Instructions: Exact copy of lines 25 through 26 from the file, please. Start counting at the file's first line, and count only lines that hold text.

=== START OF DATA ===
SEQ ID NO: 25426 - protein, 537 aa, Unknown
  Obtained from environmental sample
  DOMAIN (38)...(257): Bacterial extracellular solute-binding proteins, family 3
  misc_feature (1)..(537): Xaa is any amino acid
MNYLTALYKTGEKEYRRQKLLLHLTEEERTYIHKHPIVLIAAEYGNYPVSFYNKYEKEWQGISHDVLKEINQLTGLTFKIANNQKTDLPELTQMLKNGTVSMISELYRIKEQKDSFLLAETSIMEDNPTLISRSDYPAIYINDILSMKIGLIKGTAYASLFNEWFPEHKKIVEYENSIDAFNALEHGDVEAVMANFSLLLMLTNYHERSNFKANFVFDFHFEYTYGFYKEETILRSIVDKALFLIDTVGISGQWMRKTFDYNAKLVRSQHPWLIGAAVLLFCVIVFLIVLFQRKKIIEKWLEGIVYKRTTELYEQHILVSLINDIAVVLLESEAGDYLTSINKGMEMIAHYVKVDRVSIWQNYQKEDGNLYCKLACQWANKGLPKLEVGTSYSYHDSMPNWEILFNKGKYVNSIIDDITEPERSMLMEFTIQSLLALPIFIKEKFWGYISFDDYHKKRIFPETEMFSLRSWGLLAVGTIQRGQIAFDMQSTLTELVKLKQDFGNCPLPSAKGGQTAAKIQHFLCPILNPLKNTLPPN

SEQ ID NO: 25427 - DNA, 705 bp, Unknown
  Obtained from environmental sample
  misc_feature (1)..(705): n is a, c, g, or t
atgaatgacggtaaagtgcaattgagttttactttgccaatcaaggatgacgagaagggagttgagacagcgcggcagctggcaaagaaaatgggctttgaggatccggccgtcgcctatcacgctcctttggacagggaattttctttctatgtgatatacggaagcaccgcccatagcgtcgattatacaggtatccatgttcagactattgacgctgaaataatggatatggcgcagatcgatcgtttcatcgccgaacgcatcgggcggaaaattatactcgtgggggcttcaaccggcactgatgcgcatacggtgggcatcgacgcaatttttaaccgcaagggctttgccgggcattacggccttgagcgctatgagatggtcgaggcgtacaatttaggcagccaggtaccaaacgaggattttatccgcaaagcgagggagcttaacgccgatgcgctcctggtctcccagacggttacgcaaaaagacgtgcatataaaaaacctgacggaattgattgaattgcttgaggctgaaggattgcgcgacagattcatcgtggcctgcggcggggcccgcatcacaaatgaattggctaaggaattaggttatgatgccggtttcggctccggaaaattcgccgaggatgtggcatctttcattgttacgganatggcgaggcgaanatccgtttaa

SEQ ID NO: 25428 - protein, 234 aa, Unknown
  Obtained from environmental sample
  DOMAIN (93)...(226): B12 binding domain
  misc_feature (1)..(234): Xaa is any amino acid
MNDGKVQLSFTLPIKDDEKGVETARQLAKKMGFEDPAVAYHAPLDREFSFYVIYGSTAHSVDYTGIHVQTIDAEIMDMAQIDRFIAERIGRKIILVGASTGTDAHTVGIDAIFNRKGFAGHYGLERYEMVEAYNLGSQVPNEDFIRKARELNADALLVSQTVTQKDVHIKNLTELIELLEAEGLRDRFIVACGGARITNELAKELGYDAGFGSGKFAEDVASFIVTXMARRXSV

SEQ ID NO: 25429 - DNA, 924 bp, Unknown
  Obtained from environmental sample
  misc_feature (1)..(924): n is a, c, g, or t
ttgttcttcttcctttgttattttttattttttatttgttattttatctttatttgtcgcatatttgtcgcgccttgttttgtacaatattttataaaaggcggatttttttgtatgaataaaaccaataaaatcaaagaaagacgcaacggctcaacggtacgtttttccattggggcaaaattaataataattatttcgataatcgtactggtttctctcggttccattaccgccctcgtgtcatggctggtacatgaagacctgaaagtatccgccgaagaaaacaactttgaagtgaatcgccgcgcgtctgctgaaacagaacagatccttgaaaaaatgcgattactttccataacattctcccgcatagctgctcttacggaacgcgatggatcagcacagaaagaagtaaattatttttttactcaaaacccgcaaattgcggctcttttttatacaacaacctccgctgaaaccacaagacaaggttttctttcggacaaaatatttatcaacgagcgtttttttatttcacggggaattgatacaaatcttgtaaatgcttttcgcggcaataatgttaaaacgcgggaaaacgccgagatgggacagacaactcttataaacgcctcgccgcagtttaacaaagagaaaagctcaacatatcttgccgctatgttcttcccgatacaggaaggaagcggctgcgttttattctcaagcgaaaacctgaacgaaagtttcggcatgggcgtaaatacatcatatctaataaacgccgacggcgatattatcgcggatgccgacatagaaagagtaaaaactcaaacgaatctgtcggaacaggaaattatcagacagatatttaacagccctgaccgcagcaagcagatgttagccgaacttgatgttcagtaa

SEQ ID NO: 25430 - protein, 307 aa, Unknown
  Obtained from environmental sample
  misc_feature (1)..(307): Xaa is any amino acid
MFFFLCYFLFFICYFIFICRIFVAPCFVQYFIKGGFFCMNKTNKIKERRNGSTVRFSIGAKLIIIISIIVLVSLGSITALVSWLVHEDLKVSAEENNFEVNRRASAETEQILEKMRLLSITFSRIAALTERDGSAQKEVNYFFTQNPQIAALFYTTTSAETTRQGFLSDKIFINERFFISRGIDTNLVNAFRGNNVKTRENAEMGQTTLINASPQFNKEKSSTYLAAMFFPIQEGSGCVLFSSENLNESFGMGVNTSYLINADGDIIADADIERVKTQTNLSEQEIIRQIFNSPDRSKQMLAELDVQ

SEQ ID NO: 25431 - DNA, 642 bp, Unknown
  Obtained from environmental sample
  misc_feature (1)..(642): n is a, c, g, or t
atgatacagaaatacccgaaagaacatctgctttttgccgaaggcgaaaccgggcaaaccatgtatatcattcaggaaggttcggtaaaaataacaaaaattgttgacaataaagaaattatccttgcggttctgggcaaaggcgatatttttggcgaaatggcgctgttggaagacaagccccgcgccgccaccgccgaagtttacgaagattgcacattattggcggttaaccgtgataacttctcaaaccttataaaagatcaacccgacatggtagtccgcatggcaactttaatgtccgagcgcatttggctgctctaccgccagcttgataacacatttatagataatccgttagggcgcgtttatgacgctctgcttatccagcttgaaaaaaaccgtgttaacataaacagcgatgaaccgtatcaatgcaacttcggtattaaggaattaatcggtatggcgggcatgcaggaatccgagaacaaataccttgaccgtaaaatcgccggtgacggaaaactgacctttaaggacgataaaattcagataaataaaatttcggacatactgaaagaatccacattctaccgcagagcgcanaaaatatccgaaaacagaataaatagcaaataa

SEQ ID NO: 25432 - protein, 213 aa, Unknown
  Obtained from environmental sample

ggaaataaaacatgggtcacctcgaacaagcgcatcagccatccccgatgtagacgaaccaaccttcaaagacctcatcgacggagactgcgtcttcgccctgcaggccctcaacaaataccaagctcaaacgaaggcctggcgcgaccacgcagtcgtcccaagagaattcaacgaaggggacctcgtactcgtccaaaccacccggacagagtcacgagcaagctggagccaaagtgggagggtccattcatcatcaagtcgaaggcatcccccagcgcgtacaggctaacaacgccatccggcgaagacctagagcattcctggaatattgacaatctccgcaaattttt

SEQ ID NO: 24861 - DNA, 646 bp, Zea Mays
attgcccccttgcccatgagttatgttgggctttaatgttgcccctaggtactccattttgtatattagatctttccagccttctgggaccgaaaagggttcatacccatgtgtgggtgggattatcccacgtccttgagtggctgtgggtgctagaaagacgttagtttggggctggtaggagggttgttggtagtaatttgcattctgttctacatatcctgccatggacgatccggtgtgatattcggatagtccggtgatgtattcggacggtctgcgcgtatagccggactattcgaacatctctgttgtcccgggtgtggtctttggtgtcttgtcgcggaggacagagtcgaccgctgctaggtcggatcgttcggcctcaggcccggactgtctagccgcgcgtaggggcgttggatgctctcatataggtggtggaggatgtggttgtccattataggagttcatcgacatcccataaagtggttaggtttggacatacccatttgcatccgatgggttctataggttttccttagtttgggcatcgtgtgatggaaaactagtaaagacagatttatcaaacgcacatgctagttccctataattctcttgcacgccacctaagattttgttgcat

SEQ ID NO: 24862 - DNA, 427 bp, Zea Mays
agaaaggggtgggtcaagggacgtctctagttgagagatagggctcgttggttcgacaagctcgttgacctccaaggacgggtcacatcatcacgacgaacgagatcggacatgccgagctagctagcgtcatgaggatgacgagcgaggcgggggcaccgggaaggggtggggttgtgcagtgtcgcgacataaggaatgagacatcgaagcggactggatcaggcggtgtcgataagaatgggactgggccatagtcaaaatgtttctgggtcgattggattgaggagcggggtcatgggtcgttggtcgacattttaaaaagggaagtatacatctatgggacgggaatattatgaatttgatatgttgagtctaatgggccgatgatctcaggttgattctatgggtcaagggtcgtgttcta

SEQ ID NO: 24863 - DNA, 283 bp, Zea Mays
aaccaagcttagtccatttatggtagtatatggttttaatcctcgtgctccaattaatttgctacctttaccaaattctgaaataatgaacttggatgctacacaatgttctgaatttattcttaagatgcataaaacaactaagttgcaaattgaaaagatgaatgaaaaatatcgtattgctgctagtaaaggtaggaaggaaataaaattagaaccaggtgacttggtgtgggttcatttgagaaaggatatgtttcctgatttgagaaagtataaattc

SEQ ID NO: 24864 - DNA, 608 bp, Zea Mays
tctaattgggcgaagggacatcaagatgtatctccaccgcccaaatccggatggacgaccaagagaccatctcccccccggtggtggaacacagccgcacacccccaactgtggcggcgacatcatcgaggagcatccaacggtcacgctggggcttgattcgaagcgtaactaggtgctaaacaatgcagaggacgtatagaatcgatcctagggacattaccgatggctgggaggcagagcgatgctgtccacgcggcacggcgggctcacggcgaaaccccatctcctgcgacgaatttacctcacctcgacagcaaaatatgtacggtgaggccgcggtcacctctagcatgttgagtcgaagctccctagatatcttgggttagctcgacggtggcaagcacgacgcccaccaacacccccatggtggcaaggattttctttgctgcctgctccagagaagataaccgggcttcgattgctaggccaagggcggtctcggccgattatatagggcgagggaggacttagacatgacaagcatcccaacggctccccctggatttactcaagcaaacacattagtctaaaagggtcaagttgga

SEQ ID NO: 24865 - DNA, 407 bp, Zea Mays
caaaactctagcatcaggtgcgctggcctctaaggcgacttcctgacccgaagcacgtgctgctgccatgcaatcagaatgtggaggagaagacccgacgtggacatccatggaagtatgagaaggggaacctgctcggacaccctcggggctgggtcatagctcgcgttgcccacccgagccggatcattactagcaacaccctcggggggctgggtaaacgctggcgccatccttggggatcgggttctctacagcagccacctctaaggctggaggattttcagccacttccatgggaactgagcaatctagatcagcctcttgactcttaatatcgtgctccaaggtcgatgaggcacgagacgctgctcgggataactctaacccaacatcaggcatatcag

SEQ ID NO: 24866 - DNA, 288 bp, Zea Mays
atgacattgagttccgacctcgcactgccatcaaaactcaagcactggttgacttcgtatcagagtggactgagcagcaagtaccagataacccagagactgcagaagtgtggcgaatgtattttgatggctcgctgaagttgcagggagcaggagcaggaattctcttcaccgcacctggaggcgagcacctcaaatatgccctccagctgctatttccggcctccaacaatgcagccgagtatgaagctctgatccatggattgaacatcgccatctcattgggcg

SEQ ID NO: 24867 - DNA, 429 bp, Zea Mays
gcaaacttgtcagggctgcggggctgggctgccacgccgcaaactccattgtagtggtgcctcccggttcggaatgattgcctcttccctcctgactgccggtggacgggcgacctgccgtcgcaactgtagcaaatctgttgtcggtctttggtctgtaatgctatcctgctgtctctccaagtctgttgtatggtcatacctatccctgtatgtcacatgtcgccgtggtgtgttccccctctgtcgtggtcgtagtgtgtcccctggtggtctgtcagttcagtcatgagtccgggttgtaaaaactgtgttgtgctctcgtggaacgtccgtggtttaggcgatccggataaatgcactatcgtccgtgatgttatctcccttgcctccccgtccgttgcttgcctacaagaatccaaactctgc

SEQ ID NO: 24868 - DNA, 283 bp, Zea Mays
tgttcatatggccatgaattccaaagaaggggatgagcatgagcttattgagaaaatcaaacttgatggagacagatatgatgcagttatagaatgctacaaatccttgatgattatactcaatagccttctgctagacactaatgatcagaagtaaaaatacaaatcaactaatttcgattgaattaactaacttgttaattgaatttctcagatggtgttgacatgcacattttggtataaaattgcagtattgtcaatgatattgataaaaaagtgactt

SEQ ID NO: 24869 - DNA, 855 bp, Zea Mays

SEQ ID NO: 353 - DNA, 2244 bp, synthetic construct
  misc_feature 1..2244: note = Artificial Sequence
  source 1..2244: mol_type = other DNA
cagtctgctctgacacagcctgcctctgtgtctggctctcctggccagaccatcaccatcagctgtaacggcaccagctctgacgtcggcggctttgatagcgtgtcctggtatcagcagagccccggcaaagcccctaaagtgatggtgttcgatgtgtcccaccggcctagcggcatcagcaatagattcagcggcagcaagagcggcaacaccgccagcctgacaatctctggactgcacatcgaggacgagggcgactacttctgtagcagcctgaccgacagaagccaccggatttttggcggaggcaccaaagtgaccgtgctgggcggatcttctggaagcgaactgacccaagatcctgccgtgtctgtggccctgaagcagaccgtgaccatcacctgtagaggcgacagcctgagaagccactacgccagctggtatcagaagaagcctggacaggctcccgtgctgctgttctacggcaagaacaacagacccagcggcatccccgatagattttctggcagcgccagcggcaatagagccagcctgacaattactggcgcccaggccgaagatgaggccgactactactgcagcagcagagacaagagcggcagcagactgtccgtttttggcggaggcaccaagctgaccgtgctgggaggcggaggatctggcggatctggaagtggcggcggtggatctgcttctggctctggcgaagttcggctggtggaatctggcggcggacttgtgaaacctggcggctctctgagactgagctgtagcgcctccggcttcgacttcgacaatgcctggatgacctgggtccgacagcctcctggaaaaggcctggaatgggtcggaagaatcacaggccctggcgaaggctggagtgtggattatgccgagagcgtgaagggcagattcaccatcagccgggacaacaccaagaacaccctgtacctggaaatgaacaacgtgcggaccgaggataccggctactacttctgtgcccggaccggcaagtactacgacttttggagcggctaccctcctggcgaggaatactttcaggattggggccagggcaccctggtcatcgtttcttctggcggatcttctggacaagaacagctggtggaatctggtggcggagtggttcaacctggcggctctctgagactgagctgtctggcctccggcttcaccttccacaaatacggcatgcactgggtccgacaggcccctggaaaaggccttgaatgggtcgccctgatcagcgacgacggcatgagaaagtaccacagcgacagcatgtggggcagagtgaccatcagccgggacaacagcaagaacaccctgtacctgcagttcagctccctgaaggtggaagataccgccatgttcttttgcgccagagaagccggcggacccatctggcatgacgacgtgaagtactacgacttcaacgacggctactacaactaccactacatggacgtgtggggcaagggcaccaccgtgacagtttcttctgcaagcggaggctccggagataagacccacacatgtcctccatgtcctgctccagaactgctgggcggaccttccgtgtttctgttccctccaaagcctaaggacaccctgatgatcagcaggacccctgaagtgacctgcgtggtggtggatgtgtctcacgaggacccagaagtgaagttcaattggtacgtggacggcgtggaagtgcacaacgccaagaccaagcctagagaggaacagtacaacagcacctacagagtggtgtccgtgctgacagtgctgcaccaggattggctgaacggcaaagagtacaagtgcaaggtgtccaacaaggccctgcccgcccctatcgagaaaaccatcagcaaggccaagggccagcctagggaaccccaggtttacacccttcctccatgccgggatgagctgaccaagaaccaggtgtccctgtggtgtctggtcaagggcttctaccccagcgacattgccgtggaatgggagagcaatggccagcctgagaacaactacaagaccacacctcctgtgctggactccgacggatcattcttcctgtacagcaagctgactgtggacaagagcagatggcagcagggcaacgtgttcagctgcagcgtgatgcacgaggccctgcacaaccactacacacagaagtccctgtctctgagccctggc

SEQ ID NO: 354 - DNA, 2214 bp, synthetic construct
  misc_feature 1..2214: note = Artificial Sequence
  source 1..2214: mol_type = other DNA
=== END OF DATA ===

  misc_feature (1)..(642): n is a, c, g, or t
atgatacagaaatacccgaaagaacatctgctttttgccgaaggcgaaaccgggcaaaccatgtatatcattcaggaaggttcggtaaaaataacaaaaattgttgacaataaagaaattatccttgcggttctgggcaaaggcgatatttttggcgaaatggcgctgttggaagacaagccccgcgccgccaccgccgaagtttacgaagattgcacattattggcggttaaccgtgataacttctcaaaccttataaaagatcaacccgacatggtagtccgcatggcaactttaatgtccgagcgcatttggctgctctaccgccagcttgataacacatttatagataatccgttagggcgcgtttatgacgctctgcttatccagcttgaaaaaaaccgtgttaacataaacagcgatgaaccgtatcaatgcaacttcggtattaaggaattaatcggtatggcgggcatgcaggaatccgagaacaaataccttgaccgtaaaatcgccggtgacggaaaactgacctttaaggacgataaaattcagataaataaaatttcggacatactgaaagaatccacattctaccgcagagcgcanaaaatatccgaaaacagaataaatagcaaataa